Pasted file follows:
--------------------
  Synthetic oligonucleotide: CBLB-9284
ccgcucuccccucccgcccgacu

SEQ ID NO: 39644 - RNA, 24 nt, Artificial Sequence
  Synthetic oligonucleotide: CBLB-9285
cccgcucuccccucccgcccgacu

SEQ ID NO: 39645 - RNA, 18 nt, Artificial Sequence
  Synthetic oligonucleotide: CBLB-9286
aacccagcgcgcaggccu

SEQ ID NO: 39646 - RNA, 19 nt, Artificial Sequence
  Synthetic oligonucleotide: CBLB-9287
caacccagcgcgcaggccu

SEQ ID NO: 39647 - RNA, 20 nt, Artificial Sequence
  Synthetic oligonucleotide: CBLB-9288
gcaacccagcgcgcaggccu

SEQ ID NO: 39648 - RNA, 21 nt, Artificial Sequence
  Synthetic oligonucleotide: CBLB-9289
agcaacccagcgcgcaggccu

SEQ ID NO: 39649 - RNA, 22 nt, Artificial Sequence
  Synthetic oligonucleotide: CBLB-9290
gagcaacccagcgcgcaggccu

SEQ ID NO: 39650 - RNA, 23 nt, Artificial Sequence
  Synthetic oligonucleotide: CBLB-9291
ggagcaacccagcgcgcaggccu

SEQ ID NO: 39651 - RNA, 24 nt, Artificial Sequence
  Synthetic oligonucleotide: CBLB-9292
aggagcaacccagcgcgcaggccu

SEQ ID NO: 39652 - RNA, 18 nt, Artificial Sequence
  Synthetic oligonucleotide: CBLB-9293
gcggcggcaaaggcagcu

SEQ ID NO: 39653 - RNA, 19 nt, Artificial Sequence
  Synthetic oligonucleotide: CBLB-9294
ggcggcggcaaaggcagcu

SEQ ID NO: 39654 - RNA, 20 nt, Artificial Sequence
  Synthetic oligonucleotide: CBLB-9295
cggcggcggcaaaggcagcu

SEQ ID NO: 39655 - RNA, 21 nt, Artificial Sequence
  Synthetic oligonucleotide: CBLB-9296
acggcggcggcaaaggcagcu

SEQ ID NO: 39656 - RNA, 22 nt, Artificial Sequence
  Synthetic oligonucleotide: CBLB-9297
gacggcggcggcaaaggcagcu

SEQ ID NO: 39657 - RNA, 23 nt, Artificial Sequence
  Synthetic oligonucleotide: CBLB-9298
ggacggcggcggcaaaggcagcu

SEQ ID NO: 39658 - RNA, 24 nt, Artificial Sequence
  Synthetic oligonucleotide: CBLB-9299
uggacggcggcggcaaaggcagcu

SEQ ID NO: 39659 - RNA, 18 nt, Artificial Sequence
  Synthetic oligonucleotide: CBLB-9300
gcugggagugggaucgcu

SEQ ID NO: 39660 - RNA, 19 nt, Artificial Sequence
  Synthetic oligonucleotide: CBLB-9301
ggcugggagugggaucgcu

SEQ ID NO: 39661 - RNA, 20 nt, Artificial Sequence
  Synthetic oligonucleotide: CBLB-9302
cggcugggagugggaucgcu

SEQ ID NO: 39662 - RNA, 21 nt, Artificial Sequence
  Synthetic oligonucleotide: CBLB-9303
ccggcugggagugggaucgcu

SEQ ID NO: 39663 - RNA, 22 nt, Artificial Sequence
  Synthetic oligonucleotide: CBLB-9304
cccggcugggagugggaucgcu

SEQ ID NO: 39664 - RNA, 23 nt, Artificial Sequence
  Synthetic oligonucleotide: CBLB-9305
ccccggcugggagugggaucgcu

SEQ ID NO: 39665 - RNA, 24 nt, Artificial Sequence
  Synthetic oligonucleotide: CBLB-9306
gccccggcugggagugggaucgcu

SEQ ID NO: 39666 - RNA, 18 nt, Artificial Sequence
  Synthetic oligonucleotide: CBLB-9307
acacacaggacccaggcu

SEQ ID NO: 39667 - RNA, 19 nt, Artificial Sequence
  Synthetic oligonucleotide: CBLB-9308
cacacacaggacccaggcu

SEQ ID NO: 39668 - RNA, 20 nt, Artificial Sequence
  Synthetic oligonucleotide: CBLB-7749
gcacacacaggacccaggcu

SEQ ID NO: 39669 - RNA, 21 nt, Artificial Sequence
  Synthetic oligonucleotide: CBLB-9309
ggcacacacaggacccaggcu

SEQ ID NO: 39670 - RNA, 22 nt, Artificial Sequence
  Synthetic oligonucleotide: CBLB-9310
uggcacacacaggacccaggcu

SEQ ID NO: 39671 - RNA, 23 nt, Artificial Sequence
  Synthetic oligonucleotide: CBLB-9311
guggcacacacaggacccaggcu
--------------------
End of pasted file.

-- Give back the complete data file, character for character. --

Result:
  Synthetic oligonucleotide: CBLB-9284
ccgcucuccccucccgcccgacu

SEQ ID NO: 39644 - RNA, 24 nt, Artificial Sequence
  Synthetic oligonucleotide: CBLB-9285
cccgcucuccccucccgcccgacu

SEQ ID NO: 39645 - RNA, 18 nt, Artificial Sequence
  Synthetic oligonucleotide: CBLB-9286
aacccagcgcgcaggccu

SEQ ID NO: 39646 - RNA, 19 nt, Artificial Sequence
  Synthetic oligonucleotide: CBLB-9287
caacccagcgcgcaggccu

SEQ ID NO: 39647 - RNA, 20 nt, Artificial Sequence
  Synthetic oligonucleotide: CBLB-9288
gcaacccagcgcgcaggccu

SEQ ID NO: 39648 - RNA, 21 nt, Artificial Sequence
  Synthetic oligonucleotide: CBLB-9289
agcaacccagcgcgcaggccu

SEQ ID NO: 39649 - RNA, 22 nt, Artificial Sequence
  Synthetic oligonucleotide: CBLB-9290
gagcaacccagcgcgcaggccu

SEQ ID NO: 39650 - RNA, 23 nt, Artificial Sequence
  Synthetic oligonucleotide: CBLB-9291
ggagcaacccagcgcgcaggccu

SEQ ID NO: 39651 - RNA, 24 nt, Artificial Sequence
  Synthetic oligonucleotide: CBLB-9292
aggagcaacccagcgcgcaggccu

SEQ ID NO: 39652 - RNA, 18 nt, Artificial Sequence
  Synthetic oligonucleotide: CBLB-9293
gcggcggcaaaggcagcu

SEQ ID NO: 39653 - RNA, 19 nt, Artificial Sequence
  Synthetic oligonucleotide: CBLB-9294
ggcggcggcaaaggcagcu

SEQ ID NO: 39654 - RNA, 20 nt, Artificial Sequence
  Synthetic oligonucleotide: CBLB-9295
cggcggcggcaaaggcagcu

SEQ ID NO: 39655 - RNA, 21 nt, Artificial Sequence
  Synthetic oligonucleotide: CBLB-9296
acggcggcggcaaaggcagcu

SEQ ID NO: 39656 - RNA, 22 nt, Artificial Sequence
  Synthetic oligonucleotide: CBLB-9297
gacggcggcggcaaaggcagcu

SEQ ID NO: 39657 - RNA, 23 nt, Artificial Sequence
  Synthetic oligonucleotide: CBLB-9298
ggacggcggcggcaaaggcagcu

SEQ ID NO: 39658 - RNA, 24 nt, Artificial Sequence
  Synthetic oligonucleotide: CBLB-9299
uggacggcggcggcaaaggcagcu

SEQ ID NO: 39659 - RNA, 18 nt, Artificial Sequence
  Synthetic oligonucleotide: CBLB-9300
gcugggagugggaucgcu

SEQ ID NO: 39660 - RNA, 19 nt, Artificial Sequence
  Synthetic oligonucleotide: CBLB-9301
ggcugggagugggaucgcu

SEQ ID NO: 39661 - RNA, 20 nt, Artificial Sequence
  Synthetic oligonucleotide: CBLB-9302
cggcugggagugggaucgcu

SEQ ID NO: 39662 - RNA, 21 nt, Artificial Sequence
  Synthetic oligonucleotide: CBLB-9303
ccggcugggagugggaucgcu

SEQ ID NO: 39663 - RNA, 22 nt, Artificial Sequence
  Synthetic oligonucleotide: CBLB-9304
cccggcugggagugggaucgcu

SEQ ID NO: 39664 - RNA, 23 nt, Artificial Sequence
  Synthetic oligonucleotide: CBLB-9305
ccccggcugggagugggaucgcu

SEQ ID NO: 39665 - RNA, 24 nt, Artificial Sequence
  Synthetic oligonucleotide: CBLB-9306
gccccggcugggagugggaucgcu

SEQ ID NO: 39666 - RNA, 18 nt, Artificial Sequence
  Synthetic oligonucleotide: CBLB-9307
acacacaggacccaggcu

SEQ ID NO: 39667 - RNA, 19 nt, Artificial Sequence
  Synthetic oligonucleotide: CBLB-9308
cacacacaggacccaggcu

SEQ ID NO: 39668 - RNA, 20 nt, Artificial Sequence
  Synthetic oligonucleotide: CBLB-7749
gcacacacaggacccaggcu

SEQ ID NO: 39669 - RNA, 21 nt, Artificial Sequence
  Synthetic oligonucleotide: CBLB-9309
ggcacacacaggacccaggcu

SEQ ID NO: 39670 - RNA, 22 nt, Artificial Sequence
  Synthetic oligonucleotide: CBLB-9310
uggcacacacaggacccaggcu

SEQ ID NO: 39671 - RNA, 23 nt, Artificial Sequence
  Synthetic oligonucleotide: CBLB-9311
guggcacacacaggacccaggcu